They are:

  • Private A HOLLINGS, 20, of the 9th (Queen's Royal) Lancers, son of Mrs Ann Eliza Hollings of 87, Clayton Road, Lidget Green, service number 4589. Buried at Elouges Communal Cemetery, Belgium.
  • Private George Henry Edmondson, Second Battalion, Duke of Wellington's Regiment, service number 5827. Buried at Hautrage Military Cemetery, Belgium.
  • Private Lawrence Richard Foster, 20, Second Battalion, Duke of Wellington's Regiment, son of Captain D W P Foster and Mrs e Foster, of 61 Ashwell Road, Toller Lane, service number 9776. Buried at Hautrage Military Cemetery.
  • Private Arthur James Hare, 30, also of the Second Battalion, Duke of Wellington's Regiment, husband of Mabel Horsfall and son of of George and Matilda Hare, Hawthorne Cottage, Farsley, Leeds, service number 7448. Buried at Hautrage Military Cemetery.
  • Private Joseph Ernest Kemp, 31, of the Second Battalion, Duke of Wellington's Regiment, son of Mrs Kemp of 10 Snowden Street, Manningham Lane, service number 9096. Buried at Hautrage Military Cemetery, Belgium.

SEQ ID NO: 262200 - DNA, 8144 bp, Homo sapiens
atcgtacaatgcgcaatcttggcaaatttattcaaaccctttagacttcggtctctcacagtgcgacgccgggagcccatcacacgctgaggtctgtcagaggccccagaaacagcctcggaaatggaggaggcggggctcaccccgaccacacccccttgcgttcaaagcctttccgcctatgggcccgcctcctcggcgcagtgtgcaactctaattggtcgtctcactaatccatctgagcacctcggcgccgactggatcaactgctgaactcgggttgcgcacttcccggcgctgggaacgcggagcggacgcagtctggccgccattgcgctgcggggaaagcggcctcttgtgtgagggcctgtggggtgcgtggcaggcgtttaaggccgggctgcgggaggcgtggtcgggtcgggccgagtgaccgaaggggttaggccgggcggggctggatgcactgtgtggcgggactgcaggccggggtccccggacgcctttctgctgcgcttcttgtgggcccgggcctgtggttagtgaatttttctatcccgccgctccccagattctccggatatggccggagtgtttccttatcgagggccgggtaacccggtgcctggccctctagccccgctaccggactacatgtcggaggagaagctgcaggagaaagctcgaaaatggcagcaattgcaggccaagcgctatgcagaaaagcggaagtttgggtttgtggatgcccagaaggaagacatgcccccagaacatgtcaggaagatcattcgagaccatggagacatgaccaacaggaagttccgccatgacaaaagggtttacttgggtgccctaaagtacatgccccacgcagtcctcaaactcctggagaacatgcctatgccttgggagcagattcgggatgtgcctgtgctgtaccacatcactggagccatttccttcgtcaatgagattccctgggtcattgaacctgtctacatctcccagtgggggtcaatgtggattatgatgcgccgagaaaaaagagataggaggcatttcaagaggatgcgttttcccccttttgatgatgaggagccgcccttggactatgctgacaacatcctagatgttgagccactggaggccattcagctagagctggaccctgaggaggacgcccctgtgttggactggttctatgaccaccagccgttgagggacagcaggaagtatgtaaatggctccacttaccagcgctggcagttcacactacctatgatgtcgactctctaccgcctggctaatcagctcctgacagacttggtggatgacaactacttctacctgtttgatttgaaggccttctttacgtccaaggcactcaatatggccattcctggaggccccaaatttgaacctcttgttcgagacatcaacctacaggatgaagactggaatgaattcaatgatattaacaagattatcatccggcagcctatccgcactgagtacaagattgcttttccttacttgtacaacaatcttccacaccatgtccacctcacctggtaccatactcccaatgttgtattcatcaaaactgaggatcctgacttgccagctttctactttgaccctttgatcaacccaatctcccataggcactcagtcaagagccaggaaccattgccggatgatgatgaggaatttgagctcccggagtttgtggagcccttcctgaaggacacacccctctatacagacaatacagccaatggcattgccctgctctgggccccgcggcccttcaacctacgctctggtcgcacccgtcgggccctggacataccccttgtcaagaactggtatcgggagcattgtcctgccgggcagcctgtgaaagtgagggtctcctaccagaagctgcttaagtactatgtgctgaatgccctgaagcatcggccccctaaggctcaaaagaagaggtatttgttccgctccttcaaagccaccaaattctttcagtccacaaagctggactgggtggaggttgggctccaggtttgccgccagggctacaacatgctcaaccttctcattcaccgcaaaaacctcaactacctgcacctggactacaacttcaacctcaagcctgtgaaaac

Tricia said: "I must also mention this boy, Stanley Maurice Edward Spillan, Identified by disc, numerals, clothing and buttons He was a gunner with the Royal Field Artillery, service number 73729.

"He was 16 when he was killed - one of the many under-age volunteers. His parents were Maurice and Fanny Spillan, who lived at 20 Elmsall Street, Manningham Lane. Their son was buried at St Souplet British Cemetery, Belgium.

"There will be other men for whom no family details were given to the Commonwealth War Graves Commission by next of kin and there are also many 'Unknowns'.